Understanding aggravating factors

One of the most common questions that people facing criminal charges in Wheeling ask is how does the law differentiate a misdemeanor from a felony? One might hear that the crime they stand accused of is considered a misdemeanor, from which the penalties that may result are often viewed as the proverbial "slap on the wrist." Yet it is difficult to classify some types of criminal activity as being exclusively considered felonies and misdemeanors. The reason for this has to do with the concept of aggravating circumstances. 

The Cornell Law School defines "aggravating circumstances" as being factors that may increase the perceived severity of an act. Some common aggravating factors that it cites include: 

  • Heinousness of a crime
  • Lack of remorse
  • Prior criminal convictions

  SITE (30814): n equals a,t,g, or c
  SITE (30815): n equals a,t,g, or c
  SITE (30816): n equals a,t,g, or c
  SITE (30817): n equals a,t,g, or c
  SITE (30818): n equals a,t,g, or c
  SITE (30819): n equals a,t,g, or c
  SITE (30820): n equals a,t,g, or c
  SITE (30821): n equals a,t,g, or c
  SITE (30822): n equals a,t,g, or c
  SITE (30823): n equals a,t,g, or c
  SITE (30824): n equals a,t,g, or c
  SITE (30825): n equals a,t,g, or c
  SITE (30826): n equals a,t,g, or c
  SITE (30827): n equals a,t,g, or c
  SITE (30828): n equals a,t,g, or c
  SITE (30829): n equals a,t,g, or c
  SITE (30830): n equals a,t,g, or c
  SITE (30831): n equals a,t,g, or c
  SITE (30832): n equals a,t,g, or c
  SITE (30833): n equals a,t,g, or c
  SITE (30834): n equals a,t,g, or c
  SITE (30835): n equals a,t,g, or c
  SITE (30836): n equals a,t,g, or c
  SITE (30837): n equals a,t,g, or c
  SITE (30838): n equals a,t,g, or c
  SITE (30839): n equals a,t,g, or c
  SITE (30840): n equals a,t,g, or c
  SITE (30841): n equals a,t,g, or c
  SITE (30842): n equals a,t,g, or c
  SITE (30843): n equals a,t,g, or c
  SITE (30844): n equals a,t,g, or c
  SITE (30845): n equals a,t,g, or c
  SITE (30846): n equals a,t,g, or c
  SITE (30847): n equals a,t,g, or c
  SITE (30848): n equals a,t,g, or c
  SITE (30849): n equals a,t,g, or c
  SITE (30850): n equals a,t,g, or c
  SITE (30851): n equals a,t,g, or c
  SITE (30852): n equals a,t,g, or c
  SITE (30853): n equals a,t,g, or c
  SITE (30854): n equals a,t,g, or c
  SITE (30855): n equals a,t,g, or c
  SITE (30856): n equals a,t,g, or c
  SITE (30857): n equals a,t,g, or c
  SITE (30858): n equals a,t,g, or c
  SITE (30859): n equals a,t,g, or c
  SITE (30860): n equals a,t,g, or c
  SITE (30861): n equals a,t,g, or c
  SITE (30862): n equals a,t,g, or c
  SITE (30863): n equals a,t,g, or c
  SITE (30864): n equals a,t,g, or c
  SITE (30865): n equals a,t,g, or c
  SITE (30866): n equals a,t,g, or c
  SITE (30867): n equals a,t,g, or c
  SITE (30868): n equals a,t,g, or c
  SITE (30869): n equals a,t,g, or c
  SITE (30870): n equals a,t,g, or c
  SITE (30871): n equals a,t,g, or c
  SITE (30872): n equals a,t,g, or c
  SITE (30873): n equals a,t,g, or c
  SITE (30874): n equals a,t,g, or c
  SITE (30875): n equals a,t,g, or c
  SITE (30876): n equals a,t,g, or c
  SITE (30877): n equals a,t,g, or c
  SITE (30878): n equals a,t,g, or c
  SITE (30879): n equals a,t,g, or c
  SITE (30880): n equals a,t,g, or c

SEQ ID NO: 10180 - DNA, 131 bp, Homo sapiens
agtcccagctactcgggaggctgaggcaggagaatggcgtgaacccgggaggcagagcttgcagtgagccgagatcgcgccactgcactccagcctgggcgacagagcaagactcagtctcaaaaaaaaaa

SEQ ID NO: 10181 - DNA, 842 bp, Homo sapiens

When considering aggravating circumstances, the assumption often is that their presence should impact the potential sentence one accused of a crime might face. This may lead to scenarios where a crime normally considered a misdemeanor might be viewed as a felony. 

The legal definition of "assault' in West Virginia illustrates this point perfectly. Per Section 61-2-9 of the West Virginia Code, a person convicted of assault would typically face a misdemeanor charge. However, the law goes on to say that in cases of assault, a previous domestic violence offense is viewed as being an aggravating factor. If one accused of assault has a previous domestic assault conviction on their record (regardless of whether the current offense is against the same person), then that person is subject to the subsequent offenses provision of the state's domestic assault laws (which ultimately results in felony charges). 

Other scenarios that the state views as being influenced by aggravating are similarly spelt out. Aggravating factors should also not be confused with mitigating factors, which can lessen the supposed seriousness of a crime. 

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